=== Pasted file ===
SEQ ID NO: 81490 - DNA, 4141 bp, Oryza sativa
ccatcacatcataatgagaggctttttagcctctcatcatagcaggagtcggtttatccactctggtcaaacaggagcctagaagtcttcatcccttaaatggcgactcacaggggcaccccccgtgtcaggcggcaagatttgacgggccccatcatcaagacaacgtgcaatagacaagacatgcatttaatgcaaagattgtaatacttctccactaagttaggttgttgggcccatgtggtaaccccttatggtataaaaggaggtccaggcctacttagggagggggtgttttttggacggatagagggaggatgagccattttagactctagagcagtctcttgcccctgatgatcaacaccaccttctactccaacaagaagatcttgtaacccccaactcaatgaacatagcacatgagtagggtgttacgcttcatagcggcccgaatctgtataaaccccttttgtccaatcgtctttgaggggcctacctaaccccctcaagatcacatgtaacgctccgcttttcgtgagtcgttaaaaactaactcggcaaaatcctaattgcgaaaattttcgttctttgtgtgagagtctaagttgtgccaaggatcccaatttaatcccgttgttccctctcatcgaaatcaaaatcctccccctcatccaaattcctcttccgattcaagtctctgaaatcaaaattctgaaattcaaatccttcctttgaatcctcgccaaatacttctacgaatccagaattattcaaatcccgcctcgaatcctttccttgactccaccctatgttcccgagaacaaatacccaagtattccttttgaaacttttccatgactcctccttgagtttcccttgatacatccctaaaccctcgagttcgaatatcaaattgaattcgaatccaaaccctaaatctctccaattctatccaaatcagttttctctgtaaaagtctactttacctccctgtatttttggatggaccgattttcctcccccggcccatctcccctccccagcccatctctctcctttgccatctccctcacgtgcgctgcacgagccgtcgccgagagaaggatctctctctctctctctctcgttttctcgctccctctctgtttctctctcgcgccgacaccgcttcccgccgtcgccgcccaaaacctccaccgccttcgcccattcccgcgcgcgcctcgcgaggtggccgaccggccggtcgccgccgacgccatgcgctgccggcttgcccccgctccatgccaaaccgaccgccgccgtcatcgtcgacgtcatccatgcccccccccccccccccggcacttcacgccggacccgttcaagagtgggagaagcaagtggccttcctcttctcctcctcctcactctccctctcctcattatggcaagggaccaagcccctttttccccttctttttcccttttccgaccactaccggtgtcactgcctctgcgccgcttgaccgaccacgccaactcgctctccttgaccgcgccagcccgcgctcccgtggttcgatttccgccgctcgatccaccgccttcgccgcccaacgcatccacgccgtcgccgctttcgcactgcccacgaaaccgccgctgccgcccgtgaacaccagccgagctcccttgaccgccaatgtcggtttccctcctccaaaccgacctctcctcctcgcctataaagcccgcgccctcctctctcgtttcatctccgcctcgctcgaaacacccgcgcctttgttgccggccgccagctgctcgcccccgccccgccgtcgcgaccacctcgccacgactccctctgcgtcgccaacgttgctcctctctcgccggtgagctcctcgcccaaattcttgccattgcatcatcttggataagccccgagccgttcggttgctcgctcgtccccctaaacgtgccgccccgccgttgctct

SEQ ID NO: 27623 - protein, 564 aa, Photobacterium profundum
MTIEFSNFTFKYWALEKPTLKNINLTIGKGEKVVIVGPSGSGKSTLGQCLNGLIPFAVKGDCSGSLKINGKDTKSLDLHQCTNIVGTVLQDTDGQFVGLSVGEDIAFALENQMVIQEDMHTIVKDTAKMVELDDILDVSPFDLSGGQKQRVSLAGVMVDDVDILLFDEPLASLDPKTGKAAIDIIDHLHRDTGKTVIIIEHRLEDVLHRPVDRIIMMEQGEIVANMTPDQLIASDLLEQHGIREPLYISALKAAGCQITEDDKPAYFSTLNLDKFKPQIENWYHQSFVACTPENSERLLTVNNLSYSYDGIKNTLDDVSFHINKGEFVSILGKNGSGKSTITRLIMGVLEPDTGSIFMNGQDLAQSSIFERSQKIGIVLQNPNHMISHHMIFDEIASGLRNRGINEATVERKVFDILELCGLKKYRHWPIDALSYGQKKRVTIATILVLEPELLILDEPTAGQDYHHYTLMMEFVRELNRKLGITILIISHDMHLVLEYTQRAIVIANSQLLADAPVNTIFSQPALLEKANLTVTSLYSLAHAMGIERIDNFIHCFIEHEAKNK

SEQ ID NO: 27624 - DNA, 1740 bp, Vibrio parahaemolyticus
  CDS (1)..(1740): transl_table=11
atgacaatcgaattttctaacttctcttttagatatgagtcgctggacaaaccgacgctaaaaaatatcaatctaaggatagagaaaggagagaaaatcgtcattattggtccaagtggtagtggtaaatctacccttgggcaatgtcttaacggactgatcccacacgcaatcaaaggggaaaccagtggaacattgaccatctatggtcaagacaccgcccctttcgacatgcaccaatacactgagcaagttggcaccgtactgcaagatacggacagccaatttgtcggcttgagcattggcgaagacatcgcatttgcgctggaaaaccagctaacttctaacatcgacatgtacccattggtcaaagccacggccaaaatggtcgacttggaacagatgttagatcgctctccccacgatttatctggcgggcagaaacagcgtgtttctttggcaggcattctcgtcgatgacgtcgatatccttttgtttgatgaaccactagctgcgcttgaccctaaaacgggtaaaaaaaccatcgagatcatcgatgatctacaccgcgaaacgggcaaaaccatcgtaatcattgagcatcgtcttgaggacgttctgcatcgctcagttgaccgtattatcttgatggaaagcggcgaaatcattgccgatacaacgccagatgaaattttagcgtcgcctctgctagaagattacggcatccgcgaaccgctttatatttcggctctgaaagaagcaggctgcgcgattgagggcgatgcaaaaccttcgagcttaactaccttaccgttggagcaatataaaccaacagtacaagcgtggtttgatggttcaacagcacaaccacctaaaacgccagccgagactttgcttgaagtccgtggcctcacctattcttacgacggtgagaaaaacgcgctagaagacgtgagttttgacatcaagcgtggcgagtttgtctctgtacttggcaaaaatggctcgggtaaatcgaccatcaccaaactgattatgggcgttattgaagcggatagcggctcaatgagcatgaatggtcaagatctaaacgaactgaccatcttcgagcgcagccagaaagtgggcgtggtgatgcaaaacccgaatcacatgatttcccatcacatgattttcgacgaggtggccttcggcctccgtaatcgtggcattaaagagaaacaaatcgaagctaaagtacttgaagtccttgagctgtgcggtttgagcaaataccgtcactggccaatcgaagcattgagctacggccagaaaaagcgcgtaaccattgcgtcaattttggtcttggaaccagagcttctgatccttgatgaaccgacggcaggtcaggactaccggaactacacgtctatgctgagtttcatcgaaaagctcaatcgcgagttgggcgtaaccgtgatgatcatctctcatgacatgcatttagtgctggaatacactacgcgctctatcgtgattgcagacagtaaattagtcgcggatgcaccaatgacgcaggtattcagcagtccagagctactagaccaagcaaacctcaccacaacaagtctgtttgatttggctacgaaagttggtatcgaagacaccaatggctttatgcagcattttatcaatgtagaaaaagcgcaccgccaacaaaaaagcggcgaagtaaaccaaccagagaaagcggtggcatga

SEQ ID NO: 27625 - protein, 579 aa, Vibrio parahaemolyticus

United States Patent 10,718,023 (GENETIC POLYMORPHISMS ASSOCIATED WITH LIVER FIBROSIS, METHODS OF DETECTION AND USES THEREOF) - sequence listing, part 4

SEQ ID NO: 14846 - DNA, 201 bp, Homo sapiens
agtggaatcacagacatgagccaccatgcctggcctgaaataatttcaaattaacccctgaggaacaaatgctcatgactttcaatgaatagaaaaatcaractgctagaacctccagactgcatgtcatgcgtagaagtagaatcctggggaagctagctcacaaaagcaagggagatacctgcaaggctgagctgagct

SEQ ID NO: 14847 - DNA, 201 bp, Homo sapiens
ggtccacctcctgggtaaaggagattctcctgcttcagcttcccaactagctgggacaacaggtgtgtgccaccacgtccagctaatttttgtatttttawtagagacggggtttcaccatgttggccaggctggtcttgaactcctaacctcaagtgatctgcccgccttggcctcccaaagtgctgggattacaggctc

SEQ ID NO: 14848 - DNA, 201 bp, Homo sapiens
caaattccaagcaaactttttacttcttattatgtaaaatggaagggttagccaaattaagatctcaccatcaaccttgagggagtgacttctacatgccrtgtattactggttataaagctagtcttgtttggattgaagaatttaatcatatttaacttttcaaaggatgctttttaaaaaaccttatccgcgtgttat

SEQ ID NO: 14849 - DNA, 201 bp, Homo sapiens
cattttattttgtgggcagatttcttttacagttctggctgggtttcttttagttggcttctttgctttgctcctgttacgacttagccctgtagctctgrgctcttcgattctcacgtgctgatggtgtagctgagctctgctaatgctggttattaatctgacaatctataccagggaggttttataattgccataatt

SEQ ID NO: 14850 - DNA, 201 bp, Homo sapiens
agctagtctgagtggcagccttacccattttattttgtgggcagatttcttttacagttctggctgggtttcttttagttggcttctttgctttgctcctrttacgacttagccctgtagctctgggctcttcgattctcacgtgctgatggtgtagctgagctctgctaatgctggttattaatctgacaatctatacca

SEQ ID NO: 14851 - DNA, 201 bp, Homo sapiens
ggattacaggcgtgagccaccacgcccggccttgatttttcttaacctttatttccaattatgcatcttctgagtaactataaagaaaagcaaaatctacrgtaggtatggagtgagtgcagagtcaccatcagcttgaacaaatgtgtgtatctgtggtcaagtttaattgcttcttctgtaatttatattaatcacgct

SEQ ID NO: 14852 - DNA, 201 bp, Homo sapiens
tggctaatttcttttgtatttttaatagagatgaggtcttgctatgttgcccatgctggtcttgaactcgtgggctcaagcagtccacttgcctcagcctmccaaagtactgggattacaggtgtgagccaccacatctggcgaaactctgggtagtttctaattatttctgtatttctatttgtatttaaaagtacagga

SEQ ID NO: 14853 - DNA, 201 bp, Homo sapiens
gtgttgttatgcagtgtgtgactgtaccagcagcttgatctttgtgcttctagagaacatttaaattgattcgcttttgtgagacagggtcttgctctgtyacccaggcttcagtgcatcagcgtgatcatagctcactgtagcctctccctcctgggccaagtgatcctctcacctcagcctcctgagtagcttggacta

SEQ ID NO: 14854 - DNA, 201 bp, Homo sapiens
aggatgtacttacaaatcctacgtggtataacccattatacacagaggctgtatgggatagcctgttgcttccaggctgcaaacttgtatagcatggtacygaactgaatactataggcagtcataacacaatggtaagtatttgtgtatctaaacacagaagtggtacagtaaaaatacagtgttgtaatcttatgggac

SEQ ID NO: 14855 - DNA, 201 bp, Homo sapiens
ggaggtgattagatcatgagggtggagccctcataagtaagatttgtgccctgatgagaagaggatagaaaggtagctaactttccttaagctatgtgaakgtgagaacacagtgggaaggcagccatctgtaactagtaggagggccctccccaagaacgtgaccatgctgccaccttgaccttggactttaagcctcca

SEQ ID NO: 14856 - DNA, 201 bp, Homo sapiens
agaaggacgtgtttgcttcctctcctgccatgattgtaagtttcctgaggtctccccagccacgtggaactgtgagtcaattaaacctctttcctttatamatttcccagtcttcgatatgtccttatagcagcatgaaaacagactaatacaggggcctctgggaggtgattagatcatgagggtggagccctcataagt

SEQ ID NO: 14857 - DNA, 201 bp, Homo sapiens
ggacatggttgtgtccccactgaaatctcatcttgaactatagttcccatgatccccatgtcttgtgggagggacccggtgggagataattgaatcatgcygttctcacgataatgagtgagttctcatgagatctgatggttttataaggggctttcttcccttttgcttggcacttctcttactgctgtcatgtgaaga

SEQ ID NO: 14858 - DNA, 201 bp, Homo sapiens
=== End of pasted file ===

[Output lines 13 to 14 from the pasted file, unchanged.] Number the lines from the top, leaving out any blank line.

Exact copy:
ggtccacctcctgggtaaaggagattctcctgcttcagcttcccaactagctgggacaacaggtgtgtgccaccacgtccagctaatttttgtatttttawtagagacggggtttcaccatgttggccaggctggtcttgaactcctaacctcaagtgatctgcccgccttggcctcccaaagtgctgggattacaggctc

SEQ ID NO: 14848 - DNA, 201 bp, Homo sapiens